Apr 2 2019

Killing Caesar: How History Remembers His Assassin

April 2, 2019

3:30 PM - 5:30 PM

Event Poster


Lower Level - SH


701 South Morgan, Chicago, IL 60612

Speaker: Kathryn Tempest, University of Roehampton

Conspirator and assassin, philosopher and statesman, promoter of peace and commander in war, Marcus Brutus (ca. 85-42 BC) was a controversial and enigmatic man even to those who knew him. His leading role in the murder of Julius Caesar on the Ides of March, 44 BC, immortalized his name forever, but the verdict on his act remains out to this day. How did his contemporaries view Brutus? And how have their reactions colored the legacy of Caesar’s famous assassin? Drawing on the burgeoning body of literature devoted to memory studies, this paper will explore how the site of Brutus’ memory became actively contested and politicized in a struggle for ‘ownership’ over the cultural trauma that set in after Caesar’s assassination and the battles at Philippi. From freedom-fighting patriot to a cut-throat king-slayer, we will see how the variety of responses he inspired in those who knew him were precisely the qualities that gave rise to the adaptation and appropriation of his memory in the centuries that followed.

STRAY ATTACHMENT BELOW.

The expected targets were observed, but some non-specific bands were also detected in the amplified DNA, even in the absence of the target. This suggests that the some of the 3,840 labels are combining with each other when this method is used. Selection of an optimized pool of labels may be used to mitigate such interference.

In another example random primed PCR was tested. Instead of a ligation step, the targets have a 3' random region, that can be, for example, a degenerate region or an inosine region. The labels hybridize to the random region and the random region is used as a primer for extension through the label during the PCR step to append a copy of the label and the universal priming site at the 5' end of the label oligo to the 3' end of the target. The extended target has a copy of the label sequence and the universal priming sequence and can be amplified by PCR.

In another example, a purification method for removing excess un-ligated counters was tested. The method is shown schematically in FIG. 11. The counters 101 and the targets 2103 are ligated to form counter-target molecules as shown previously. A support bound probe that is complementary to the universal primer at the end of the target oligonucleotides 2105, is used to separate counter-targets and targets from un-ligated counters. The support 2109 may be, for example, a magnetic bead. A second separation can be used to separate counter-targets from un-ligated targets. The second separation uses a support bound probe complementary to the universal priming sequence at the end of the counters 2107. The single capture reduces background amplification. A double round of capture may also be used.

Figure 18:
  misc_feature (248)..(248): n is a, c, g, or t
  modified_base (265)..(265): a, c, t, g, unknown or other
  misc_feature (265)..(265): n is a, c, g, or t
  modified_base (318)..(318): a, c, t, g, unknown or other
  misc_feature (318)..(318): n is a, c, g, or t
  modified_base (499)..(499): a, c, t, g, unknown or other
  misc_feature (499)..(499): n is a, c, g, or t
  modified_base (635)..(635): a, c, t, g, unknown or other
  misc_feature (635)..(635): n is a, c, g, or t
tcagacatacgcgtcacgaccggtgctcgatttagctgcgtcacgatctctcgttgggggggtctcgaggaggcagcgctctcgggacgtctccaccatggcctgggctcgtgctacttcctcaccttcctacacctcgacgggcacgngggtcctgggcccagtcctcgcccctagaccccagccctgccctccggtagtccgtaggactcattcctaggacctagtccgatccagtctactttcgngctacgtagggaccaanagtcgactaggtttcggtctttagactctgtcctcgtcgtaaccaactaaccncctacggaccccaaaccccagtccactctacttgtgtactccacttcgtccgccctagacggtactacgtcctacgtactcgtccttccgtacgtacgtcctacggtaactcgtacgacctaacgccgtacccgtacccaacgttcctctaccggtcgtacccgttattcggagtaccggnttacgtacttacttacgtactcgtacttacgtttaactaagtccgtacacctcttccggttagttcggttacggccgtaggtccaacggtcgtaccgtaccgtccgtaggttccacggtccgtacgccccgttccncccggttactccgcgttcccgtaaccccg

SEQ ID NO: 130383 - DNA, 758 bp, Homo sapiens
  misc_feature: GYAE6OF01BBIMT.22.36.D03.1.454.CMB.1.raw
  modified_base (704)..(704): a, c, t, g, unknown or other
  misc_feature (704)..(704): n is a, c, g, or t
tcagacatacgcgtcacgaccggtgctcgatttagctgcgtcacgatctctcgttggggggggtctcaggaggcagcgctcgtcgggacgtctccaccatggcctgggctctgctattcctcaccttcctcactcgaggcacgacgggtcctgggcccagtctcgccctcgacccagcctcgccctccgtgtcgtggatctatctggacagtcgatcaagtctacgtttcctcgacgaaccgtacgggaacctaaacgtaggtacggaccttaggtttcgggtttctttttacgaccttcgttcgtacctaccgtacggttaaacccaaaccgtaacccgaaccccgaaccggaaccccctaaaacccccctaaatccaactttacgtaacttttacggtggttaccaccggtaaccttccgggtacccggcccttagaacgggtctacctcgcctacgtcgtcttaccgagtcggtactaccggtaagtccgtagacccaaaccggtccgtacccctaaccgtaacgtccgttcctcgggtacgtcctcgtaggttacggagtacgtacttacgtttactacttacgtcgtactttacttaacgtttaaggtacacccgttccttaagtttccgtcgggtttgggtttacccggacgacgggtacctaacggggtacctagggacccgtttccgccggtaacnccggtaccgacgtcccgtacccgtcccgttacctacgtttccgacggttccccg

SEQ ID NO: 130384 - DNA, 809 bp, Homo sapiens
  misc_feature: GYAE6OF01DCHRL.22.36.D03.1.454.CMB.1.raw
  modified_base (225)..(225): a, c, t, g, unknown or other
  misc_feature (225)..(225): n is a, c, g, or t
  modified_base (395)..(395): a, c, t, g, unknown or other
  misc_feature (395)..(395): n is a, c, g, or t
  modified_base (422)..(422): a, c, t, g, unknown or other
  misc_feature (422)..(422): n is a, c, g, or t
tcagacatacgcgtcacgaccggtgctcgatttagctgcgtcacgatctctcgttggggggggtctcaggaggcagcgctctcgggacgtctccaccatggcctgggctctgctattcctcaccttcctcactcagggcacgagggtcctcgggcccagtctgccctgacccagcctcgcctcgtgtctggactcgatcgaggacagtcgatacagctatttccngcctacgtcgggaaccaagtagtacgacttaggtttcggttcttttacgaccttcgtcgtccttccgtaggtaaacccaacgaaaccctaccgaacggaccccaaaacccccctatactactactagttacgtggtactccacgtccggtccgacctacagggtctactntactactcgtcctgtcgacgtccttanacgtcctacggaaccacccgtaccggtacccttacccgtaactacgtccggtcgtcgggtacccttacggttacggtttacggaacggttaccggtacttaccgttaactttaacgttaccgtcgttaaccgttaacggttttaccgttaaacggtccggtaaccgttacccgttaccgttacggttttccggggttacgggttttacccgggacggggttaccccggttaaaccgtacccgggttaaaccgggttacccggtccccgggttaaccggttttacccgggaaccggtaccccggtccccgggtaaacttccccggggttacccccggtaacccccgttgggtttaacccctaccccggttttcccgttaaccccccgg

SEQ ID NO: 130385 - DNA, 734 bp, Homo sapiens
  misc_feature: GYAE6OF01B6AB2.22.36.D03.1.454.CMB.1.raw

UIC Institute for the Humanities

Date posted

Mar 20, 2019

Date updated

Mar 20, 2019